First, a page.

So basically, the word “gypsy” is based on a racist mistake. The word just stuck, and with it, the idea that because these people were nomads and dark-skinned, that they couldn’t be trusted. And so, enter the word “gypped,” which means what? That’s right, to be cheated, or swindled. The Romani had a name that wasn’t theirs ascribed to their people, only to have that name become derogatory and to have a different word morph from it to describe immoral behavior.

You might use the word “gypped” all the time, and be a huge fan of the musical Gypsy, and may have even referred to yourself as a gypsy because you travel a lot, and not think any of this is a big deal. But it is a huge deal to the millions of Romani people all over the world who deal with very real discrimination.

In fact, Code Switch talked about a string of instances in Europe back in 2013 where children were being taken away from their biological Romani families for being too fair-skinned and light-eyed to possibly belong to that family. The suspicion is so deep against Romani people that it can be assumed that the children they say are theirs aren’t, until proven otherwise by DNA tests. Because of this discrimination, among other things, many Romani choose not to disclose their ethnicity on censuses, which both prevents countries from getting an accurate count of how many there are, as well as prevents them from having access to basic human services other citizens receive.

Most people, if you were to ask them, don’t know, or never thought about the origins of the word “gypsy” or “gypped.” Thing is, once you know, it becomes harder to justify using these words. Knowing all of this, having a heroine called Gypsy sounds as absurd to me as having a heroes named Ni**er or Sp*c or K*ke or Ch**k. I debated putting asterisks in her name/these words in this very piece, but opted not to, mostly to showcase how not-offended most of us probably are when looking at the words directly.

So, Gyp*y is going to be on The Flash. The fact that Valdés referred to her by that name leads me to believe that this is what she’ll be called on the show, although it’s possible that she’ll just be called Cindy.

Berlanti and Co. could alleviate a lot by not having Cisco slap a racist nickname on her and keeping her given name, so as to not relate a name to her trickster powers at all. Or they could her name to something like Roma, making her a Romani character, rather than some random American who wears the identity like a costume, because she “identifies” with it.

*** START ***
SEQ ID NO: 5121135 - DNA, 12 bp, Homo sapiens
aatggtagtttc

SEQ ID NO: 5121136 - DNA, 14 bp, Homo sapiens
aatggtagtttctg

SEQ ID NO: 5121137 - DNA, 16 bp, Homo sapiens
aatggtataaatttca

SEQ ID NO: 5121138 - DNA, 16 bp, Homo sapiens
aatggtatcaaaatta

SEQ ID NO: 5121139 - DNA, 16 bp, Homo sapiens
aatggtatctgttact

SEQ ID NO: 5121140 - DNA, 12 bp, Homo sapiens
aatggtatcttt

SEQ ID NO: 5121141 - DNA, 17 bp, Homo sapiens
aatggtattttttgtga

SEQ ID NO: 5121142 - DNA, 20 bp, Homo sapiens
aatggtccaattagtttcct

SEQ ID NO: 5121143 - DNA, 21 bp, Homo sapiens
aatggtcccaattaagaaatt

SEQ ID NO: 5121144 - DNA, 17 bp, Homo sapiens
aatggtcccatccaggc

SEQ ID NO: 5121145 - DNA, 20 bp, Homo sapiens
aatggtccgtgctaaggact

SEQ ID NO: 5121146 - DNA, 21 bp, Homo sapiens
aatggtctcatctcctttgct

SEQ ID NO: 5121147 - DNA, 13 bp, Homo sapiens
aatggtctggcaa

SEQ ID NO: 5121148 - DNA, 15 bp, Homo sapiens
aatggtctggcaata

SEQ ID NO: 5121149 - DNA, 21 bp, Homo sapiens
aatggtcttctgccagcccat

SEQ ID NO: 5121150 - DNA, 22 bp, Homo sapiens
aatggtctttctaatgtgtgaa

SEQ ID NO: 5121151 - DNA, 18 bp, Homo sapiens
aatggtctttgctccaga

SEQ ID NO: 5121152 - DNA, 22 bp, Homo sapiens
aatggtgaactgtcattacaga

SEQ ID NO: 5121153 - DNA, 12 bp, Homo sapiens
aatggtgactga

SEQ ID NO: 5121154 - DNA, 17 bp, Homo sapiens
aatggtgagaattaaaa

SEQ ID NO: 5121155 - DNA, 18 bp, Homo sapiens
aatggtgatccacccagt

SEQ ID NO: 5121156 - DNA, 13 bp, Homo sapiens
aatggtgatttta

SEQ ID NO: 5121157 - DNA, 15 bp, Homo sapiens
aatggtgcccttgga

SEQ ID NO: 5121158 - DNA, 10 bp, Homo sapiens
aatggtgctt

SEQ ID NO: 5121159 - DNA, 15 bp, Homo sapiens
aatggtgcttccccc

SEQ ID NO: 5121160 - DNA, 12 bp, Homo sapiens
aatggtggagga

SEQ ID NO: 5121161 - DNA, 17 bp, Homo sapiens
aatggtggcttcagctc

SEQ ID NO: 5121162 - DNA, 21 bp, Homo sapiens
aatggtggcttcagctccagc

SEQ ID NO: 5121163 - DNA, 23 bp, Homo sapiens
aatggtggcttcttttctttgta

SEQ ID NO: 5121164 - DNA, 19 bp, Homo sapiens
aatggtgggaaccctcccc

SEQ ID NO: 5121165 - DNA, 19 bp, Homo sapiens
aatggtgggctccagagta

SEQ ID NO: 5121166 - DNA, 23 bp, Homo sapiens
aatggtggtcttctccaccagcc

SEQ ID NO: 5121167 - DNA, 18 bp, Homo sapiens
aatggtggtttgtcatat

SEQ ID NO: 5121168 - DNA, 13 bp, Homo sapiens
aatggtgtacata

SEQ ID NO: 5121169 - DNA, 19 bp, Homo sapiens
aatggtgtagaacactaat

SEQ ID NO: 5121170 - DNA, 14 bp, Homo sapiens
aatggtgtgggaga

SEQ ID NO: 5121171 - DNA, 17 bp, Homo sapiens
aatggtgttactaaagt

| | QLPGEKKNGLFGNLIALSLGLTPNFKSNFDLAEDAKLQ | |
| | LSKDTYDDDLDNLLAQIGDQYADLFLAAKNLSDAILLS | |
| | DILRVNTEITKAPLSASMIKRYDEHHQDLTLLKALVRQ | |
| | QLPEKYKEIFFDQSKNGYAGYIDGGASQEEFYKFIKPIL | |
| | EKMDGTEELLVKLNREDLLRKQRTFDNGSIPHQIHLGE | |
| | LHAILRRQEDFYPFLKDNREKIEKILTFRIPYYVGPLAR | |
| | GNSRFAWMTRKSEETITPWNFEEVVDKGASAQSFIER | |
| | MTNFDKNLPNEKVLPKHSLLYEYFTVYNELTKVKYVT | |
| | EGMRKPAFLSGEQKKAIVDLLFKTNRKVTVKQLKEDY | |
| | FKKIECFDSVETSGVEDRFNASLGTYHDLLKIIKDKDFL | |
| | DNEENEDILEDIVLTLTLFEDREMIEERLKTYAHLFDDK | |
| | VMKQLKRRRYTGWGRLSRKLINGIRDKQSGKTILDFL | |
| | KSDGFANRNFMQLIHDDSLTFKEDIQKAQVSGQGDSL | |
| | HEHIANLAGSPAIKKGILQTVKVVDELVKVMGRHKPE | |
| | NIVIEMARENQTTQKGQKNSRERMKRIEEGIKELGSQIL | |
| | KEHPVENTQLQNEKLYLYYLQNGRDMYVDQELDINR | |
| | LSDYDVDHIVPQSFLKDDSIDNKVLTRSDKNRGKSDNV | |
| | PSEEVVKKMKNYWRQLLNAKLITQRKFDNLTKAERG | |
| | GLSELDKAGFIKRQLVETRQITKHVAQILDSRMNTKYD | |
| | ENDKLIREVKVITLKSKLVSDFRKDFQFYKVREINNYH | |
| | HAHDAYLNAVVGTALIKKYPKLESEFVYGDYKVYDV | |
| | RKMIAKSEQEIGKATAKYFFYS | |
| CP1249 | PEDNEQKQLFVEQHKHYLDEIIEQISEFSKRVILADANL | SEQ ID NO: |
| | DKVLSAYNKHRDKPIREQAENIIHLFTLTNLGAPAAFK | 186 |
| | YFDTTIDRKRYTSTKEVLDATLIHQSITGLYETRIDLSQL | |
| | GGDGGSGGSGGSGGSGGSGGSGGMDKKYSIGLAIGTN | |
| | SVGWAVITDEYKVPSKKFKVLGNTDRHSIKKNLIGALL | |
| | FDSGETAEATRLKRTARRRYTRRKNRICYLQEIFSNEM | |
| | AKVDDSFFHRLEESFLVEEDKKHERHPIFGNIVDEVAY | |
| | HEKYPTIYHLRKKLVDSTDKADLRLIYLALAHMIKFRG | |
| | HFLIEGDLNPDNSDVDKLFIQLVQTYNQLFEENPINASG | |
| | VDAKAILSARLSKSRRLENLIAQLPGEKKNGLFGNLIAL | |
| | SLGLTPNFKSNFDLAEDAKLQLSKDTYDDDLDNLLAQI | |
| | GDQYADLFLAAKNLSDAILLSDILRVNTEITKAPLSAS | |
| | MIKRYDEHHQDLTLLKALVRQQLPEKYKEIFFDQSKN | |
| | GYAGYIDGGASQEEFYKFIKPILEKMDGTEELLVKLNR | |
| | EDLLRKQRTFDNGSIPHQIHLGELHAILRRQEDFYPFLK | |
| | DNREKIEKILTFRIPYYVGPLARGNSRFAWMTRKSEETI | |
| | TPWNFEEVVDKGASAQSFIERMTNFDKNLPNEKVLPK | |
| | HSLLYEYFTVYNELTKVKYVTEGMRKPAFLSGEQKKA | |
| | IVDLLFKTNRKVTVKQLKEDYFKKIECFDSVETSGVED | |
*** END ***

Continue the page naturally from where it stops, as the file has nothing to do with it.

Sure, you lose some name recognition, but 1) it’s not like viewers wouldn’t read the geek news sites and be able to learn the info that Roma is the character Gyp*y, and 2) it’s not as if Gyp*y is a huge player in the Justice League anyway. I’ve asked several comics-reading friends of mine about the character as I’ve been writing this, and all of them are like “Who?”

In their rush to adapt comics and mine the obscurest of obscure characters and plots for their DC television storylines, I hope that DC Entertainment, Warner Bros. Television, and the folks at Berlanti Productions (as well as the writers of non-Berlanti DC shows) realize that adaptation is an opportunity to make changes and right wrongs. They’re perfectly happy to change all sorts of things in the translation from comics to TV. Lazy, racist stereotypes should be included in that.

(images via Warner Bros. Animation and DC Comics)

Want more stories like this? Become a subscriber and support the site!

The Mary Sue has a strict comment policy that forbids, but is not limited to, personal insults toward anyone, hate speech, and trolling.—

Follow The Mary Sue on Twitter, Facebook, Tumblr, Pinterest, & Google+.

© 2017 The Mary Sue, LLC | About Us | Advertise | Subscription FAQ | Privacy | User Agreement | Disclaimer | Contact | RSS RSS
Dan Abrams, Founder

  1. Mediaite
  2. The Mary Sue
  3. RunwayRiot
  4. LawNewz
  5. Gossip Cop